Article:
Like John Paul II before him, Francis’ arrival in Philadelphia followed an address at the United Nations in New York. Echoing themes from that address, in Philadelphia Francis—using the same lectern that Abraham Lincoln used to deliver the Gettysburg Address—spoke about religious freedom and immigration at Independence Hall on September 26. He also met with selected prisoners and their families at the Curran-Fromhold Correctional Facility before celebrating a concluding Mass on the Benjamin Franklin Parkway on September 27.
While the two papal visits have many similarities, fund-raising for the 2015 visit of Pope Francis differed from its 1979 precedent. In 1979, after Mayor Frank Rizzo announced that the city would cover the $205,569 expense of the platform and decorations for the public Mass, the ACLU filed and won a lawsuit against Philadelphia for violating the First Amendment. In 2015, no public funds were to be used to cover the estimated $45 million cost of infrastructure, security, and cleanup for the World Meeting of Families and the papal visit. A development committee chaired by Eustace Mita, CEO of Achristavest, a waterfront development company, led the fund-raising. In addition to appealing to local businesses, foundations, and individual philanthropists for most of the needed funds, the committee created opportunities for supporters to purchase merchandise online, to donate $10 to light a candle for one’s intentions at the Cathedral Basilica, and to designate the World Meeting of Families as a preferred charity to receive a percentage of purchases made on Amazon.com.
Security measures in 2015 were also far more robust than in 1979, which preceded the era of the 9/11 attacks and the rise of al Qaeda and ISIS. The first papal visit had no secure vehicle perimeter to block traffic, nor was there screening of visitors with magnetometers or high fences severely restricting access to the principal papal venues. The 2015 visit, designated a National Special Security Event by the U.S. secretary of Homeland Security, led the city to implement unprecedented travel restrictions, criticized by some as excessive. These measures included closing the Benjamin Franklin Bridge, the Vine Street Expressway, and large stretches of the Schuylkill Expressway to private vehicles and preventing incoming traffic into the three-square-mile papal security perimeter for the entire weekend.
About one month before the pope’s visit, city officials and World Meeting of Families supporters mounted a campaign to undo negative publicity brought by uncertainties over security and transportation issues, including distribution of “OpeninPHL” kits to downtown businesses and assurances that the city would take the event in stride.
Despite the inconvenience caused by the travel restrictions and disruption created by the huge influx of visitors, Philadelphia expected to net more than $400 million in economic benefit from the 2015 papal visit. Hotels and restaurants expected to reap the greatest profit, but local merchants—especially the official retail vendor, Aramark— also stood to benefit from the selling of papal paraphernalia, including the papal bobblehead doll with cheesesteak in hand, T-shirts, coffee mugs, and religious articles. In the final months prior to the pope’s arrival, local media intensified their coverage of the preparations for the papal visit, providing daily updates as their papal clocks counted down to Francis’s visit, expected to be the largest event thus far in Philadelphia history.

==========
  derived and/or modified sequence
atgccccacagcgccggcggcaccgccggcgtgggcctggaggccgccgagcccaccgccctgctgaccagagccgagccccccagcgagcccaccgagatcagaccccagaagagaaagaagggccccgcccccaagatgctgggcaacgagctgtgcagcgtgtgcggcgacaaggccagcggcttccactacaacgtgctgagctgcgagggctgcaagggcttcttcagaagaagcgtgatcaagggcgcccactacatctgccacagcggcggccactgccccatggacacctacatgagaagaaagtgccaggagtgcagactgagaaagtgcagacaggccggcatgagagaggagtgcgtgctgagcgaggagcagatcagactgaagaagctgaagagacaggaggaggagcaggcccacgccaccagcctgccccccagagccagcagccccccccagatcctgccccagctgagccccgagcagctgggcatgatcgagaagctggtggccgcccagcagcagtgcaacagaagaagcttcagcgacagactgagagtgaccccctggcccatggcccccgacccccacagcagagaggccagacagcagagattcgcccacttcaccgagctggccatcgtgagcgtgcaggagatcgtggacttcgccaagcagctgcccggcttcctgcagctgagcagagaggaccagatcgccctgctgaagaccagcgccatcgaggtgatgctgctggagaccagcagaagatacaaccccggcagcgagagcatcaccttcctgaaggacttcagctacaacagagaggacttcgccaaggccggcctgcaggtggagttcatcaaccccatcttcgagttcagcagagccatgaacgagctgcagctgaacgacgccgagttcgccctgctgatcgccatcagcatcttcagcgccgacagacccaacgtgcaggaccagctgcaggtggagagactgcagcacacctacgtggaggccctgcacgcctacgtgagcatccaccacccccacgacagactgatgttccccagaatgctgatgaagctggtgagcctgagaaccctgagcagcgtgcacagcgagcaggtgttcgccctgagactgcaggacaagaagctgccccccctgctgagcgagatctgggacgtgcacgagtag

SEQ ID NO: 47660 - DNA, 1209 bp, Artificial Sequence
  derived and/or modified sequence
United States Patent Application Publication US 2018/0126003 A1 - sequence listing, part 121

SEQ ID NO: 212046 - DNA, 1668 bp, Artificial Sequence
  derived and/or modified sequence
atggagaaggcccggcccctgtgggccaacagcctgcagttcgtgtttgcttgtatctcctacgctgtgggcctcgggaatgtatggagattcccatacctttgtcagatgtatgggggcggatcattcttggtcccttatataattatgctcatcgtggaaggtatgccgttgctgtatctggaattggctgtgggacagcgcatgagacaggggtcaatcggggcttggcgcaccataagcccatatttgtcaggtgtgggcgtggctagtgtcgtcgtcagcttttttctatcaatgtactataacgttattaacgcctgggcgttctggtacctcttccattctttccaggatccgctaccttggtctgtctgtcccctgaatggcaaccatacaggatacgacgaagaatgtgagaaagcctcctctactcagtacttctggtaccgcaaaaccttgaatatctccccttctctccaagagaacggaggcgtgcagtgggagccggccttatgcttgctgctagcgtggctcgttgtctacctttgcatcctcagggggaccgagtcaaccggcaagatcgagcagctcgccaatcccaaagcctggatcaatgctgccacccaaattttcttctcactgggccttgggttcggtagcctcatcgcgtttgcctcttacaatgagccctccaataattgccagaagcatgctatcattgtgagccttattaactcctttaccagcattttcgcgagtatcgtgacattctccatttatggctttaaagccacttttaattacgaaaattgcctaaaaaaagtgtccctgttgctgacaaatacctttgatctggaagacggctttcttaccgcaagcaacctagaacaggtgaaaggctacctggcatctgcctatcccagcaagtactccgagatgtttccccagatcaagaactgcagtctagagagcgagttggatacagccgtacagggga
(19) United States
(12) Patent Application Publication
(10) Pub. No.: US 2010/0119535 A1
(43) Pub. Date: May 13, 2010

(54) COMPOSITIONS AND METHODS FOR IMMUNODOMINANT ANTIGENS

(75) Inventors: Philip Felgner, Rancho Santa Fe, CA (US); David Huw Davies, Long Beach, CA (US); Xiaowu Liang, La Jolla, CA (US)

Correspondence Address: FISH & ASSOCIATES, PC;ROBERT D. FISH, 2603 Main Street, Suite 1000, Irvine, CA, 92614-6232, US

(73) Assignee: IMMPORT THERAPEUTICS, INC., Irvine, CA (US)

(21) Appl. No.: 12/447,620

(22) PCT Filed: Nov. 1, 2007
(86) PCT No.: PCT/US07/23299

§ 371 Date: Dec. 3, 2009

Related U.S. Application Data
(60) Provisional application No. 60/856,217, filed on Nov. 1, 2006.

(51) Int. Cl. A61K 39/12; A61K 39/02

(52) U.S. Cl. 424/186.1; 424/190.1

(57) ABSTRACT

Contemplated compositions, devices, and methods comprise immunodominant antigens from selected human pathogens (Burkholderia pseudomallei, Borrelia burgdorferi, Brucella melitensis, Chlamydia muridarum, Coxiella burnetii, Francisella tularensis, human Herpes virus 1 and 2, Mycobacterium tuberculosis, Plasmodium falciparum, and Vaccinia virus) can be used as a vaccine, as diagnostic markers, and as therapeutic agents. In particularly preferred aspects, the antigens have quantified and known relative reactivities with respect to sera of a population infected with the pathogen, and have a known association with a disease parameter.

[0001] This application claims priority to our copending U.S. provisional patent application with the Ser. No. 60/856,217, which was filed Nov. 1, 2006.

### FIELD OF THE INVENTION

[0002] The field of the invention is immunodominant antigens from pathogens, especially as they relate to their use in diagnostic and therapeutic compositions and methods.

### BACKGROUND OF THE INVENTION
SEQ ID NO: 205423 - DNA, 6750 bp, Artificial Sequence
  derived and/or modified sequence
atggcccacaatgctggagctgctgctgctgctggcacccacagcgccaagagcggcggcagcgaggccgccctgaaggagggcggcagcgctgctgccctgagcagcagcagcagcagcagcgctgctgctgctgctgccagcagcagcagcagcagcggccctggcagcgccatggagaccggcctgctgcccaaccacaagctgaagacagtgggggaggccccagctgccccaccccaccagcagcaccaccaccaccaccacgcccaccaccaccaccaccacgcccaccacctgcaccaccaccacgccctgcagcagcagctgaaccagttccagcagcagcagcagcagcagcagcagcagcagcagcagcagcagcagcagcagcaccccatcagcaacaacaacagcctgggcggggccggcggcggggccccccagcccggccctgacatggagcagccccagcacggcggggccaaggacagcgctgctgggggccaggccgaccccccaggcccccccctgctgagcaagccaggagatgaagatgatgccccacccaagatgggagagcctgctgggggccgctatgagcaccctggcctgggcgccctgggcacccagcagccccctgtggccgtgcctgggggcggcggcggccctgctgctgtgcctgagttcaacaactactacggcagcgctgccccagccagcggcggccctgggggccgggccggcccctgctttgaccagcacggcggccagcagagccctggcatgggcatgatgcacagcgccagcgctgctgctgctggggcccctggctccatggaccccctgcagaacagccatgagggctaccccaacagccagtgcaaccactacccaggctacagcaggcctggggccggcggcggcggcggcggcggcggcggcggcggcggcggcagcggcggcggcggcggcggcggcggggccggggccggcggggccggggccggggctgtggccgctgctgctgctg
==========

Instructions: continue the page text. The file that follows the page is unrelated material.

William Madges, Ph.D., is a professor of theology in the Department of Theology and Religious Studies at Saint Joseph’s University. His most recent publication is a translation of Walter Kasper’s Pope Francis’ Revolution of Tenderness and Love (New York: Paulist Press, 2015).
Copyright 2015, Rutgers University
Ivereigh, Austen. The Great Reformer: Francis and the Making of a Radical Pope. New York: Henry Holt, 2014.
Pilgrim of Peace: The Homilies and Addresses of His Holiness Pope John Paul II on the Occasion of His Visit to the United States of America. Washington, D.C.: United States Catholic Conference, 1979.
Simon, Roger D. Philadelphia: A Brief History. Harrisburg, Pa.: Huggins Printing Co., 2003.
Walsh, Mary Ann, ed. John Paul II: A Light for the World. New York: Sheed & Ward, 2003.
Weigel, George. A Witness to Hope: The Biography of Pope John Paul II. New York: HarperCollins, 2005.
Weigley, Russell F, ed. Philadelphia: A 300-Year History. New York: W.W. Norton, 1982.
Papal Visit-John Paul II 1979 Collection, Philadelphia Archdiocesan Historical Research Center, 100 E. Wynnewood Road, Wynnewood, Pa.
Places to Visit
Cathedral Basilica of Saints Peter and Paul, Eighteenth Street and Benjamin Franklin Parkway, Philadelphia.
Independence Hall, Chestnut Street between Fifth and Sixth Streets, Philadelphia.
St. Charles Borromeo Seminary, 100 Wynnewood Rd., Wynnewood, Pa.
Temporary exhibits related to 2015 visit of Pope Francis (listed by Philly.com).